Fighting Strong Style Analyzed: What NJPW’s International Fanbase Thinks Of Expansion

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Photo: NJPW

With New Japan Pro Wrestling (NJPW) returning to the United States and the Walter Pyramid in Long Beach, California on Sunday for Fighting Spirit Unleashed — it’s clear that the company has become a global entity. Over the past several years, NJPW has run venues in Australia, the United Kingdom, and the United States. Next year’s G1 Supercard in Madison Square Garden is already the largest wrestling gate in Canada and the United States for an event not promoted by World Wrestling Entertainment (WWE) since the fall of WCW.

There hasn’t been a point in company history when New Japan had this much popularity outside of Japan. While anyone can measure the growth by reviewing financial records, gate totals from individual shows, and measure social media chatter — nothing replaces speaking to fans on a personal level.

“I actually attended NJPW’s Strong Style Evolve UK show in Manchester. I bought tickets before the card was announced, so I can’t say the card made a difference in my purchase. I do think the cards matter, however, especially as New Japan makes more trips abroad,” stated Jonathan Ridgeway from The Black Country of Wolverhampton, United Kingdom, when asked about his thoughts on NJPW’s expansion and the quality of cards. “I was very fortunate that I attended the Manchester show. I got to see Zack Sabre Jr. vs Okada and Suzuki vs Ishii live. There were also quite a few other great singles matches. Due to New Japan’s roster being split up across three different shows at the same time (CEOxNJPW, ROH Best in the World & SSE UK), I actually got to see a New Japan card padded with a lot of the midcard or undercard talent.”

Other fans commenting for this piece felt NJPW were “overloading USA shows with westerners,” despite the company commonly featuring non-Japanese talent during tours within their home base. Representative Director, Founder of Bushiroad, and Owner of NJPW Takaaki Kidani made the following remarks on May 16, 2017, in what is now an important date for the company regarding the issue:

In analysing NJPW’s prospects in the US, Kidani stated that the company’s unique strengths are ‘presenting the best in ring wrestling in the world, a long history, and an original product not available anywhere else.’ Kidani also stated a desire to sell American cable networks on NJPW content.

With this mindset, Kidani stated he wanted the New Japan product to be presented ‘as is’ to American fans, giving them a unique experience. In regards to developing new stars, he said that we live in an era where ‘stars can be born in an instant’. With the goal of growing American business, Kidani talked about working with American promotions in order to nurture new talent, and bringing a Japanese style of touring promotion to a US territory.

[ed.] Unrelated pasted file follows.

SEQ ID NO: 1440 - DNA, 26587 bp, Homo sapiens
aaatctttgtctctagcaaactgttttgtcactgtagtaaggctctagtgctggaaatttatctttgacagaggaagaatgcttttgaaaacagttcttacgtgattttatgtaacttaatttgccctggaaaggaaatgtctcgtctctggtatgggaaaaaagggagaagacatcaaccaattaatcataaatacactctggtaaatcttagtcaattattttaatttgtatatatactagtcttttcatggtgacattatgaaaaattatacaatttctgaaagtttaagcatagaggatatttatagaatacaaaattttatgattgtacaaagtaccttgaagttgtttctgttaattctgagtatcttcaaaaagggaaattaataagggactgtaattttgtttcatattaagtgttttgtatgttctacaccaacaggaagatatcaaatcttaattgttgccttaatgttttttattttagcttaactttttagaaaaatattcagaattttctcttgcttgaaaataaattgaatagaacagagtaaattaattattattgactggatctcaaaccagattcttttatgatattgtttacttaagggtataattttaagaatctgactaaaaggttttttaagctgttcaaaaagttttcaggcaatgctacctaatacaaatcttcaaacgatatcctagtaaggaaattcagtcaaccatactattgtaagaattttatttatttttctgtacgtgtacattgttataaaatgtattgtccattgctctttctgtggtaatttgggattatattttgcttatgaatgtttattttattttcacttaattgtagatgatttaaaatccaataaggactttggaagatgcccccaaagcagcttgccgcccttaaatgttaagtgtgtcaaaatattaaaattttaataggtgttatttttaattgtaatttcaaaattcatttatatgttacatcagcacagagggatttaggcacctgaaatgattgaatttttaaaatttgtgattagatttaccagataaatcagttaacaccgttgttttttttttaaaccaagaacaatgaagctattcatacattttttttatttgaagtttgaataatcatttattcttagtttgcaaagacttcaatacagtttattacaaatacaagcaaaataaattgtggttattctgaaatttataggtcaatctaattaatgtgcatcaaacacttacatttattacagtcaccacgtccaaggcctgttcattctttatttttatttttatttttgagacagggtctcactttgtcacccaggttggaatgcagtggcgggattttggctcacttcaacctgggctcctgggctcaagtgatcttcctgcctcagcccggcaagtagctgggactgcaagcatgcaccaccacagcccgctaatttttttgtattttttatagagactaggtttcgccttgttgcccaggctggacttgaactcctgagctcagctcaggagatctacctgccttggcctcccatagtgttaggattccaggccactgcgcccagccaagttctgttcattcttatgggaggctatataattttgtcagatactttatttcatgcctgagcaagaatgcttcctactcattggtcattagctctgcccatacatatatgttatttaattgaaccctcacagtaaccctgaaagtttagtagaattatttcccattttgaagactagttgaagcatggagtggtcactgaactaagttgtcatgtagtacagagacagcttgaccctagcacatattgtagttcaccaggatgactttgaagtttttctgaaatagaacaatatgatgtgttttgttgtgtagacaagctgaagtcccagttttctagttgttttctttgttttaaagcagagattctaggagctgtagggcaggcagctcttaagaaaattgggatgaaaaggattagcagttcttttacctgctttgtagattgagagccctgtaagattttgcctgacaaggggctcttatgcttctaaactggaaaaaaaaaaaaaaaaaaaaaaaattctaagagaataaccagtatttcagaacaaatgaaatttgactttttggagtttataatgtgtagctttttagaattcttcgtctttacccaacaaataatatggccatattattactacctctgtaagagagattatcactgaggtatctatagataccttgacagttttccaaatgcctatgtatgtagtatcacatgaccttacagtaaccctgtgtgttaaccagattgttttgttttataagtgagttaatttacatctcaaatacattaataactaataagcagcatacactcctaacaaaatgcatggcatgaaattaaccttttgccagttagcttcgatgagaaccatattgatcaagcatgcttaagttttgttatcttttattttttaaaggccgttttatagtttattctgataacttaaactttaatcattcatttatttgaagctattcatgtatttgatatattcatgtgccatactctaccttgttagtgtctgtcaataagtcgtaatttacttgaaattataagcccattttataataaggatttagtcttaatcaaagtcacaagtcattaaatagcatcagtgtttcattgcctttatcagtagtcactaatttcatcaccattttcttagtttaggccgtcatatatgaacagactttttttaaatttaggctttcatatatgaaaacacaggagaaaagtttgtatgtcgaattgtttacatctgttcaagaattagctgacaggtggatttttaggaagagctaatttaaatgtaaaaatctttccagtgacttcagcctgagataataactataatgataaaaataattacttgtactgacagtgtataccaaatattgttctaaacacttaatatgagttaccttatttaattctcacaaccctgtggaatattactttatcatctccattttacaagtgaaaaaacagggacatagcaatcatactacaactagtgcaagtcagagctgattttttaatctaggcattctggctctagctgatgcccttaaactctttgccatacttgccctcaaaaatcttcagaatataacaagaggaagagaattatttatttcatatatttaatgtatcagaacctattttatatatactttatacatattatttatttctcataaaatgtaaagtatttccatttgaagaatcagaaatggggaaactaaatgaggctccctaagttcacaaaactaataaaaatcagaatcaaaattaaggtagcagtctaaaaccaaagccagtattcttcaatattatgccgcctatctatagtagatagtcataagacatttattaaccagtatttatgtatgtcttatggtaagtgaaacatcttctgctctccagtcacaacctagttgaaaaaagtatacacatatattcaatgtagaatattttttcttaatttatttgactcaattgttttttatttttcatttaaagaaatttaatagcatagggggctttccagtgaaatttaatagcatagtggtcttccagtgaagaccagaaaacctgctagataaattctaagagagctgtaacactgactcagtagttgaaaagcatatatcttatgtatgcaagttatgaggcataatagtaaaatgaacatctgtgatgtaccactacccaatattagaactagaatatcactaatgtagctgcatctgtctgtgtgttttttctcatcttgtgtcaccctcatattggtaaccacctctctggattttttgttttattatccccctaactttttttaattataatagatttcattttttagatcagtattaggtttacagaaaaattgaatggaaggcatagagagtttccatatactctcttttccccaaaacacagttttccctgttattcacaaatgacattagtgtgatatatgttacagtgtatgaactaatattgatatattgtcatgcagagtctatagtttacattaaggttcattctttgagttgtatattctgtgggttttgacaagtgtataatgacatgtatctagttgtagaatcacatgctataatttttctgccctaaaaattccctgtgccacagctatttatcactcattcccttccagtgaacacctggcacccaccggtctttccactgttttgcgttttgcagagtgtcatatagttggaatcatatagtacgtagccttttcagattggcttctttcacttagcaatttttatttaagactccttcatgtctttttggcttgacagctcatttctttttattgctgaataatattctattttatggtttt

“I think for me, it’s a number of things all coming together. Logical booking that makes sense and doesn’t insult my intelligence,” Jonathan responded when asked what made him a fan of NJPW. He would continue:

An emphasis on having high-quality matches when it matters, rather than having gimmick finishes on PPV to prolong a feud. The nuanced storytelling in the matches, such as great callbacks to previous bouts between the two wrestlers which also relates to not insulting your intelligence and rewards the consistent viewer. Character development that happens not just during the promos but in the matches as well, the Chaos feud more recently with Jay White is a great example of this. Lastly and this is the main thing for me. The fact that they let their artists (the wrestlers) be the artists. Based on all the interviews I’ve read/heard, the wrestlers speak about constructing their matches themselves with very little direction. This allows each match to feel unique and provides each wrestler with a sense of identity when they wrestle due to them having an influence on the creative piece.

Jonathan, who has been a fan of the NJPW product since around 2006 when the company signed Fergal ‘Prince’ Devitt (known as Finn Balor in the WWE) agreed with others concerning the Fighting Spirit Unleashed card. The main event of Tomohiro Ishii and Kazuchika Okada against The Golden Lovers (Kota Ibushi and IWGP Heavyweight Champion Kenny Omega) along with IWGP Junior Heavyweight tournament match of Will Ospreay against Marty Scurll are the matches most are looking forward to the most.

A common theme among those spoken to are a wish for NJPW to stick to the formula which led to their recent growth; while producing cards with larger headline matches when they travel overseas.

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